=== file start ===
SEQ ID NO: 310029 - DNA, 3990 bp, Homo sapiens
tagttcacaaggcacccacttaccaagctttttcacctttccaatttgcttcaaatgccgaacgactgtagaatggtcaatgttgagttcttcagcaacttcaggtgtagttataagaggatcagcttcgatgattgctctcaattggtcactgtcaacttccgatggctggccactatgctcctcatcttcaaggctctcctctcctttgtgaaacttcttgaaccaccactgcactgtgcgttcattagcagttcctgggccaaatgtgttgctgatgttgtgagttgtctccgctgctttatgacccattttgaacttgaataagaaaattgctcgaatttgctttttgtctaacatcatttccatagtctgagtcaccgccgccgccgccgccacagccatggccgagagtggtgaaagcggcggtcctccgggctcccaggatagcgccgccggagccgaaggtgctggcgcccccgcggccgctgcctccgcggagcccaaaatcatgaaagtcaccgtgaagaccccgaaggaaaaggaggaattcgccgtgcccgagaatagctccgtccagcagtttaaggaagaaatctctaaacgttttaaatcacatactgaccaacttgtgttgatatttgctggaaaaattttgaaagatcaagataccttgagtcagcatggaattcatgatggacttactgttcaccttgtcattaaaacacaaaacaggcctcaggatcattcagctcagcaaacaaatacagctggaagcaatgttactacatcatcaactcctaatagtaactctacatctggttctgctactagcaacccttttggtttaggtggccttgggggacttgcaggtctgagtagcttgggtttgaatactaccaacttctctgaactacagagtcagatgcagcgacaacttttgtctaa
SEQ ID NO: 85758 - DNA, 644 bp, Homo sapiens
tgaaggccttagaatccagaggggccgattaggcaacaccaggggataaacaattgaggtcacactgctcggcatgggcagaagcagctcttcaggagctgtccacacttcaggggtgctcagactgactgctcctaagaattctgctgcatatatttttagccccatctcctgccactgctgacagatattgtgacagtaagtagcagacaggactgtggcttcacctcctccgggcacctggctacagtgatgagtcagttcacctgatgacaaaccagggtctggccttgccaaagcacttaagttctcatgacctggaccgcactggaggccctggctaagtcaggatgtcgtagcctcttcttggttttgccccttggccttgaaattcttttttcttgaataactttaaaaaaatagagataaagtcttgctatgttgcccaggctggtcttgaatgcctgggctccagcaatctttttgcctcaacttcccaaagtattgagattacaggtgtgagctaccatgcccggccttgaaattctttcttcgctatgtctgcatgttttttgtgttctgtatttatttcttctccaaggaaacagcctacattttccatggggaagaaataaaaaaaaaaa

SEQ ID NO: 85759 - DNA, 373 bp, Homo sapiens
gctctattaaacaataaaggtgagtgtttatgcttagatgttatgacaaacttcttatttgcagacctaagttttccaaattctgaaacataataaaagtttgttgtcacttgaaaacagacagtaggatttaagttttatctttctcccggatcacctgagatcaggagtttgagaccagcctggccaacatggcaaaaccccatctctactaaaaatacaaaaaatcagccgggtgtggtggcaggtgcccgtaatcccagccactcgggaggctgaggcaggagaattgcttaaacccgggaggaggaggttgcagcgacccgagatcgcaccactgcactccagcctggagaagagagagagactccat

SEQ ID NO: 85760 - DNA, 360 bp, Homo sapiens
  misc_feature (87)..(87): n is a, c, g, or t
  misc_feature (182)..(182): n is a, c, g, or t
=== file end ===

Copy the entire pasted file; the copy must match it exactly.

SEQ ID NO: 310029 - DNA, 3990 bp, Homo sapiens
tagttcacaaggcacccacttaccaagctttttcacctttccaatttgcttcaaatgccgaacgactgtagaatggtcaatgttgagttcttcagcaacttcaggtgtagttataagaggatcagcttcgatgattgctctcaattggtcactgtcaacttccgatggctggccactatgctcctcatcttcaaggctctcctctcctttgtgaaacttcttgaaccaccactgcactgtgcgttcattagcagttcctgggccaaatgtgttgctgatgttgtgagttgtctccgctgctttatgacccattttgaacttgaataagaaaattgctcgaatttgctttttgtctaacatcatttccatagtctgagtcaccgccgccgccgccgccacagccatggccgagagtggtgaaagcggcggtcctccgggctcccaggatagcgccgccggagccgaaggtgctggcgcccccgcggccgctgcctccgcggagcccaaaatcatgaaagtcaccgtgaagaccccgaaggaaaaggaggaattcgccgtgcccgagaatagctccgtccagcagtttaaggaagaaatctctaaacgttttaaatcacatactgaccaacttgtgttgatatttgctggaaaaattttgaaagatcaagataccttgagtcagcatggaattcatgatggacttactgttcaccttgtcattaaaacacaaaacaggcctcaggatcattcagctcagcaaacaaatacagctggaagcaatgttactacatcatcaactcctaatagtaactctacatctggttctgctactagcaacccttttggtttaggtggccttgggggacttgcaggtctgagtagcttgggtttgaatactaccaacttctctgaactacagagtcagatgcagcgacaacttttgtctaa
SEQ ID NO: 85758 - DNA, 644 bp, Homo sapiens
tgaaggccttagaatccagaggggccgattaggcaacaccaggggataaacaattgaggtcacactgctcggcatgggcagaagcagctcttcaggagctgtccacacttcaggggtgctcagactgactgctcctaagaattctgctgcatatatttttagccccatctcctgccactgctgacagatattgtgacagtaagtagcagacaggactgtggcttcacctcctccgggcacctggctacagtgatgagtcagttcacctgatgacaaaccagggtctggccttgccaaagcacttaagttctcatgacctggaccgcactggaggccctggctaagtcaggatgtcgtagcctcttcttggttttgccccttggccttgaaattcttttttcttgaataactttaaaaaaatagagataaagtcttgctatgttgcccaggctggtcttgaatgcctgggctccagcaatctttttgcctcaacttcccaaagtattgagattacaggtgtgagctaccatgcccggccttgaaattctttcttcgctatgtctgcatgttttttgtgttctgtatttatttcttctccaaggaaacagcctacattttccatggggaagaaataaaaaaaaaaa

SEQ ID NO: 85759 - DNA, 373 bp, Homo sapiens
gctctattaaacaataaaggtgagtgtttatgcttagatgttatgacaaacttcttatttgcagacctaagttttccaaattctgaaacataataaaagtttgttgtcacttgaaaacagacagtaggatttaagttttatctttctcccggatcacctgagatcaggagtttgagaccagcctggccaacatggcaaaaccccatctctactaaaaatacaaaaaatcagccgggtgtggtggcaggtgcccgtaatcccagccactcgggaggctgaggcaggagaattgcttaaacccgggaggaggaggttgcagcgacccgagatcgcaccactgcactccagcctggagaagagagagagactccat

SEQ ID NO: 85760 - DNA, 360 bp, Homo sapiens
  misc_feature (87)..(87): n is a, c, g, or t
  misc_feature (182)..(182): n is a, c, g, or t